Screening of the film “Licht” On the occasion of International Women’s Day
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Ladies and gentlemen,
The Council of Europe Secretariat has a well-established tradition of marking International Women’s Day: a valuable practice that helps raise staff awareness of women’s rights issues.
This year we are proud to screen the film “Licht” and honoured that its director, Barbara Albert, is here with us today and will lead an audience discussion at the end of the screening.
In an industry where men often dominate – including the number of directors – Ms Albert is a proven advocate for gender equality, whose commitment and leadership are plain to see.
She is a co-founder of FC Gloria, the Austrian association for women in film;
She is a member of Pro Quota Regie, the German organisation that lobbies for quotas of female directors when it comes to funding decisions;
And she also took part in the 2018 Berlin Film Festival panel discussion that launched the Council of Europe’s Recommendation on Gender Equality in the Audiovisual Sector.
Indeed our European Cinema Support Fund – EURIMAGES – is working hard to promote the role of women both in front of the camera, and behind it, as part of its “Aiming for 50/50 by 2020” programme.
EURIMAGES has focussed on gender equality issues for a number of years now and this of course dovetails with our Organisation’s current Gender Equality Strategy, adopted last year.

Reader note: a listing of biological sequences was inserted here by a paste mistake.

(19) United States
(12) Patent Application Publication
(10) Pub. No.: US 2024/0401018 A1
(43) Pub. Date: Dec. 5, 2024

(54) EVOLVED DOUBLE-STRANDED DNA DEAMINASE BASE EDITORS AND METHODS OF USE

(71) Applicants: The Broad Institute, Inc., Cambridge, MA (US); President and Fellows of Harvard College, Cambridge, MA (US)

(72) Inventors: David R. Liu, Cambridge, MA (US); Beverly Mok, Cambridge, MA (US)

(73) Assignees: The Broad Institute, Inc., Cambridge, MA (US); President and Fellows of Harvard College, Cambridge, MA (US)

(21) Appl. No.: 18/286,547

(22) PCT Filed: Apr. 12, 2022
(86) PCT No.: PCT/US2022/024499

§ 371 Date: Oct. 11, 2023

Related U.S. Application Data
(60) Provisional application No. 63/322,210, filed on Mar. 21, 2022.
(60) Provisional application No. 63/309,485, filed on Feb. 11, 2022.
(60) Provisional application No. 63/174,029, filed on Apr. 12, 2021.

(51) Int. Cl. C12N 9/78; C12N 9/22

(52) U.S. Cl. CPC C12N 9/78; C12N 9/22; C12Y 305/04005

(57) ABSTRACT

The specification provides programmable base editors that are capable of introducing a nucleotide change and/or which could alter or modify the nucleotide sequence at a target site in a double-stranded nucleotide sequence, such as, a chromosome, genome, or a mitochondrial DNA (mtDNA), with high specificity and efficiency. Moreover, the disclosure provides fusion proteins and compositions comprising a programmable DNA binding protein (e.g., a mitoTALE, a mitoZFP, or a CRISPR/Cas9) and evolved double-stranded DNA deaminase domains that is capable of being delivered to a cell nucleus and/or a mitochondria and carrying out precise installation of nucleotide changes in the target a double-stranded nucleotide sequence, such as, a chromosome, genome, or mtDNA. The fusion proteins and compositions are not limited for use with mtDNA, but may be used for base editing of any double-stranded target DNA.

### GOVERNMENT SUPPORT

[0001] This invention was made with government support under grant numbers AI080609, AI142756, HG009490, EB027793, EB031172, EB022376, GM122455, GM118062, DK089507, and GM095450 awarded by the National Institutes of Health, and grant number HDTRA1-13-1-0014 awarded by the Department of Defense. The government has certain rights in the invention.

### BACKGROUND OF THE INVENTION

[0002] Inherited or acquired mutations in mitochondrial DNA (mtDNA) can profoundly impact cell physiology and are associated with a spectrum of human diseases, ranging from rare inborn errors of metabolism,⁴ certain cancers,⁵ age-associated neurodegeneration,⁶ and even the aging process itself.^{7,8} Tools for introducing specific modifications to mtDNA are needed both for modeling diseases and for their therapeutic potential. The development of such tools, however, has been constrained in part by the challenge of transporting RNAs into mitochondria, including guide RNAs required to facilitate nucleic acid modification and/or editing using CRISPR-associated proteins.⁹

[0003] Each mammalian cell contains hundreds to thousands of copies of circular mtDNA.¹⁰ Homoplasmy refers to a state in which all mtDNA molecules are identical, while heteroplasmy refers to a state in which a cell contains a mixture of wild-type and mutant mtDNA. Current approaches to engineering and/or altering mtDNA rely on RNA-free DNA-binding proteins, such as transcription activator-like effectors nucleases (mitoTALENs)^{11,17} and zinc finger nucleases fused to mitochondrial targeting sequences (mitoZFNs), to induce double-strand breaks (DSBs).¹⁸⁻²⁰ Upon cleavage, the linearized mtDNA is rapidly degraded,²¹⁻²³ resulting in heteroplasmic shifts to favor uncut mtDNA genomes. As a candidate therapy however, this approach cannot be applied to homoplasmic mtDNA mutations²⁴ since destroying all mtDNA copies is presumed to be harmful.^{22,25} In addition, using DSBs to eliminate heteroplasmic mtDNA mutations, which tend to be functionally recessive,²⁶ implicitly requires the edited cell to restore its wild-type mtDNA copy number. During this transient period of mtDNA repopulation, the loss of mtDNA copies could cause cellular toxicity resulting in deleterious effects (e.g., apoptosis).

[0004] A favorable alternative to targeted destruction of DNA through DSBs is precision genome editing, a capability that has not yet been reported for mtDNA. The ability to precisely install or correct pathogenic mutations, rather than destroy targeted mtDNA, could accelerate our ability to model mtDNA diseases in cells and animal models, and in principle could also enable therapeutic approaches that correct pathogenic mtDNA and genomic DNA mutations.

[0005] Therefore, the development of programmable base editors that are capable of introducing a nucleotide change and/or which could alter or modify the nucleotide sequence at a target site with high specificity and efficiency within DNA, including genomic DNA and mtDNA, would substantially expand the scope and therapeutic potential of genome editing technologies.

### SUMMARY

Its all-round approach aims to build on previous measures combatting gender-based violence and discrimination, to ensure that women have proper access to justice, and to guide us towards new standards in tackling sexism – whether in education and the workplace, or on the internet and social media.
The film that you are about to watch is the director’s first historical drama, but it highlights themes that are immediately recognisable to many women.
Its main protagonist, Maria Theresia Paradis, is a blind pianist, composer and teacher, torn between her extraordinary musical talent and her desire to live a more conventional life as a sighted person.
Confidence, conformity, independence, autonomy and personal choice: all of these feature in this film.
The real-life Maria Theresia was very well-known in her day, but the vast majority of her work has been lost and her authorship of the significant remaining composition, the Sicilienne for violin and piano, is disputed.
Alas this is not so surprising: the work of many distinguished women artists from her time has been lost – and it is we who are the poorer for that.
Today, the artistic achievements of women are better recognised – but not to the full extent that they should be.
People like Barbara Albert are changing that.
The Council of Europe is signed up to that mission too – and, together, we can make ever greater progress.
I wish each and every one of you a happy International Women’s Day, I hope that you enjoy the film, and that you profit from the discussion that will follow.